|John Durham (Johnd)
|Posted on Monday, May 28, 2001 - 1:24 pm: |
After reading all the post on this subject, I must say I agree in part with each of the adjusters posting. I do believe that the insurance policy, as written and as accepted, (a policy of adhesion) should dictate the settlement rules. While I most certainly agree with Mr. Ebner on the principal of multiple layers, I also am aware that every policy has a renewal date. This would make it incumbent on the insurance company to field underwrite out the multiple layers. If an insurance company accepts a risk in an as-is condition, then the policy should protect the risk without exception. Inasmuch as tear-off of a roof is considered a labor function how can one depreciate labor. I, as others have indicated, cannot find language in standard policies that refer to deferment or hold back. Have we not already deviated from the language of the policy. There must be a reason most adjusting software programs do not allow standard depreciation on labor items without overriding this feature.
I will not attempt to address the damage to the roof here, as there are just too many different philosophies regarding what is and is not damage. Suffice to say if you stay within the generally accepted guidelines of damage you should not run into any trouble.
I hear a lot about the Bad Faith Rules and Regulations and as adjusters we are required by some states to maintain knowledge regarding bad faith dealing. If this was the carrier’s problem then we would be allowed to pass this buck to the carrier, not having to accept any responsibility for adhering to these regulations. As we all know, as Independent Adjusters, this is simply not the case. I believe that it is incumbent on each and every adjuster to not only adhere to these rules but to make sure that our fellow adjusters also do so.
If I ever have to have my property adjusted, I sure hope the carrier sends John Johnson to handle the adjustment.
|Steven W. Ebner (Medulus)
|Posted on Monday, May 28, 2001 - 4:08 am: |
While I always try to satisfy my customer, the insurance carrier, there is a reason why we have chosen to be independent and should we believe the practices we are asked to follow are unethical the best thing to do is walk. Whether or not we owe for roof tear off before it is performed would depend on several factors, not least of which is whether two or more layers are allowed by building code in the area. Increasingly the codes do not allow multiple layers. If the code allows for multiple layers, there seems to be nothing unethical about holding back roof tear off until and if it is incurred. We have simply become accustomed to insurance companies giving the insured every benefit of the doubt (while the frequent conception is that the carriers are the ones acting spuriously). Sometimes it takes a good and thorough search of the policy to determine what is actually owed as an upfront payment. But, of course, a 35% depreciation on all roofs is unethical and silly. I can't imagine that any policy justifies that action. If that were clearly the demand, it was time to walk. There are other assignments that do not ask you to sell your soul.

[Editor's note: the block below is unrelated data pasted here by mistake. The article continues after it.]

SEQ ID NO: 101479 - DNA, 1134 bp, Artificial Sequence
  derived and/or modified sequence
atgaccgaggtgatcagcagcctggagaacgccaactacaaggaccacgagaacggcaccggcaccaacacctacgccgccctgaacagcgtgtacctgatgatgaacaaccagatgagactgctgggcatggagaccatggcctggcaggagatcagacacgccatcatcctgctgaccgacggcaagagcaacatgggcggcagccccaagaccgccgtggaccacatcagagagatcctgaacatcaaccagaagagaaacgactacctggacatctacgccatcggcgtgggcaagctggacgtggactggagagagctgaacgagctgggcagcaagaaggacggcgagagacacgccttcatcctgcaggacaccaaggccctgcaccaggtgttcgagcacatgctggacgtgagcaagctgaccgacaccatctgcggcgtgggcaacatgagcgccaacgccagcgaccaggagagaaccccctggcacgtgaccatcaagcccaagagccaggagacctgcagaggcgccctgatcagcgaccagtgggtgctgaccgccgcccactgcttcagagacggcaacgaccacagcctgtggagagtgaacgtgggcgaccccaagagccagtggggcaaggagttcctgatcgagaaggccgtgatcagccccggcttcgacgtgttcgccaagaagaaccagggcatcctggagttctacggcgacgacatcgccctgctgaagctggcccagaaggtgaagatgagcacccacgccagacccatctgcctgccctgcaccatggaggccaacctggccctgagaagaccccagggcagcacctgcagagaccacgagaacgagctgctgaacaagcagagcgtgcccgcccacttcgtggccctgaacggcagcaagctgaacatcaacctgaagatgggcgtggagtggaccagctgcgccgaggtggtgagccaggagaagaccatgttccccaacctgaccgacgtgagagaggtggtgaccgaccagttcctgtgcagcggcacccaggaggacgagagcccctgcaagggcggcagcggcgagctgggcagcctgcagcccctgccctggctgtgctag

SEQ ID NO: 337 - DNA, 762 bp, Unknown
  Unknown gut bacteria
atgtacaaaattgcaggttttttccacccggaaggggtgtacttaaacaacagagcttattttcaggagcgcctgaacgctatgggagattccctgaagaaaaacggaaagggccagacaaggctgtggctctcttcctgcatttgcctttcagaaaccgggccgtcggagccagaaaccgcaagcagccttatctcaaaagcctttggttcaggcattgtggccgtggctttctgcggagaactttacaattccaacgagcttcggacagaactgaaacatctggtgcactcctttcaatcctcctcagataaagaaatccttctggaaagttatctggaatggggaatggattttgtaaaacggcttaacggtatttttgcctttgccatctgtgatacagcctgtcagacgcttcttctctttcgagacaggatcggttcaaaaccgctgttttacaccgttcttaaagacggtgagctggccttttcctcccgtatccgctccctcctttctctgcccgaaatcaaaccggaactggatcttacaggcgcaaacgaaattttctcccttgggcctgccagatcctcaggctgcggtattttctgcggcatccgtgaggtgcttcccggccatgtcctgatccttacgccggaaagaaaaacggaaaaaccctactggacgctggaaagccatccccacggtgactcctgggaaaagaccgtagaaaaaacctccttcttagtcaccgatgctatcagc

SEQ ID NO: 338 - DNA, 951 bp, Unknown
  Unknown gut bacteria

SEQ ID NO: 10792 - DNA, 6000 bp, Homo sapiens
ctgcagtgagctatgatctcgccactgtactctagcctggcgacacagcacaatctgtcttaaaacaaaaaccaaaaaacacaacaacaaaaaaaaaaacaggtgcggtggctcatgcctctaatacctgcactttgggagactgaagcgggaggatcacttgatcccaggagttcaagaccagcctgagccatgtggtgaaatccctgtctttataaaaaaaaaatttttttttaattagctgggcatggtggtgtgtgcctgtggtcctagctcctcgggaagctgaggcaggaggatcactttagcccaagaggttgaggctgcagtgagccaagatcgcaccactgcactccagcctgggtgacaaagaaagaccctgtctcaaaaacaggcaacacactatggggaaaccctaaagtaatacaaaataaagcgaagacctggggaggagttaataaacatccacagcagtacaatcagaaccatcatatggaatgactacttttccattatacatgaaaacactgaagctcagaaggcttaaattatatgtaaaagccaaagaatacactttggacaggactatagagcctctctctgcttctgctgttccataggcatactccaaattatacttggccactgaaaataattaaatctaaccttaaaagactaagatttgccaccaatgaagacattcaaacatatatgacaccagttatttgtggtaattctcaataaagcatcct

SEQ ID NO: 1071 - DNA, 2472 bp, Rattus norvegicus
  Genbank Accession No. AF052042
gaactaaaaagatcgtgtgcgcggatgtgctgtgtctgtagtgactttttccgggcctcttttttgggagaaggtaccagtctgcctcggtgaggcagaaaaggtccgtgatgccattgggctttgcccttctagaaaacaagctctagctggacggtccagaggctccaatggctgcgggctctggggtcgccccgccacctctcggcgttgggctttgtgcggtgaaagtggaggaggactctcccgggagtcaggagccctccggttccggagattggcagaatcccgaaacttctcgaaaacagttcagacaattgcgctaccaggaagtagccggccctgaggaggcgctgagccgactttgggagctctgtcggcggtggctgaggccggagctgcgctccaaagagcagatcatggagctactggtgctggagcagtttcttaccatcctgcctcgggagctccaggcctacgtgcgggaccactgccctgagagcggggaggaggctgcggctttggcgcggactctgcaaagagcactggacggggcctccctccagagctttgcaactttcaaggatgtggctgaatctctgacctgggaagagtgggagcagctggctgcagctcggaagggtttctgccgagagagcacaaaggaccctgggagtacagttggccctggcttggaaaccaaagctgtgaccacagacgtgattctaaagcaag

|Tom Toll (Tom)
|Posted on Sunday, May 27, 2001 - 8:45 am: |
The insured is entitled to be indemnified for an acutal loss of damage. If the roof had light hail damage, (slight loss of granular particulate) they have not sustained a structural loss requiring replacement. This particular situation is not cut and dried. The good insured's have brought some of this on themselves. You submit to have the roof replaced by a tear off and re-application of new shingles. In order to save their deductible or for other reasons, they nail over the existing one layer. They have just pocketed the tear off which was allowed. If they sustain another loss in later years, are they owed for a tear off of two layers. I think not. Problem is, houses sell, and how are we to know if the present homeowner is the culprit or did the insurance company pay for a nail over. In my opinion, the company has a right to do what they are doing. When the roof is replaced, per the estimate and upon re-inspection it is authenticated, then the insured will be totally indemnified when he is paid the hold back. I question the 35% depreciation on all roofs, however. If an insured has a one year old roof and is charged 35% depreciation, the company is in violation of the contractural agreement they have with the insured. This could and probably would lead to a bad faith situation. You could, of course, have a disclaimer at the bottom of your estimate that would let you, the adjuster, off the hook. Hail claims are inherently difficult at best to work, particularily marginal hail claims. In Omaha, I have seen adjusters paying for roofs that, in my opinion, are not damaged severely enough to justifiy replacement. A slight loss of granulation does not degredate the shingle. This is a normal wear and tear item. If you have 15 big hits that are noticeable, then you pay, in my opinion, for replacing 15 shingles, not the entire roof. This is what the roof shingles are designed for, to protect the decking and interior cavity of the structure. We should not summarily replace shingles if they sustained loss of granulation only. Needless to say, it is sometimes very difficult to evaluate hail damage in marginal areas. We just have to do the best we can, but we need to be educated as to what is and is not damage. Be careful ladies and gentlemen, roofs are dangerous. Gravity always prevails if you get sloppy with your feet and position on the roof. I do not climb on anything over 8/12 pitched. We have progressed to walking on two limbs, unlike our friends, the monkey family.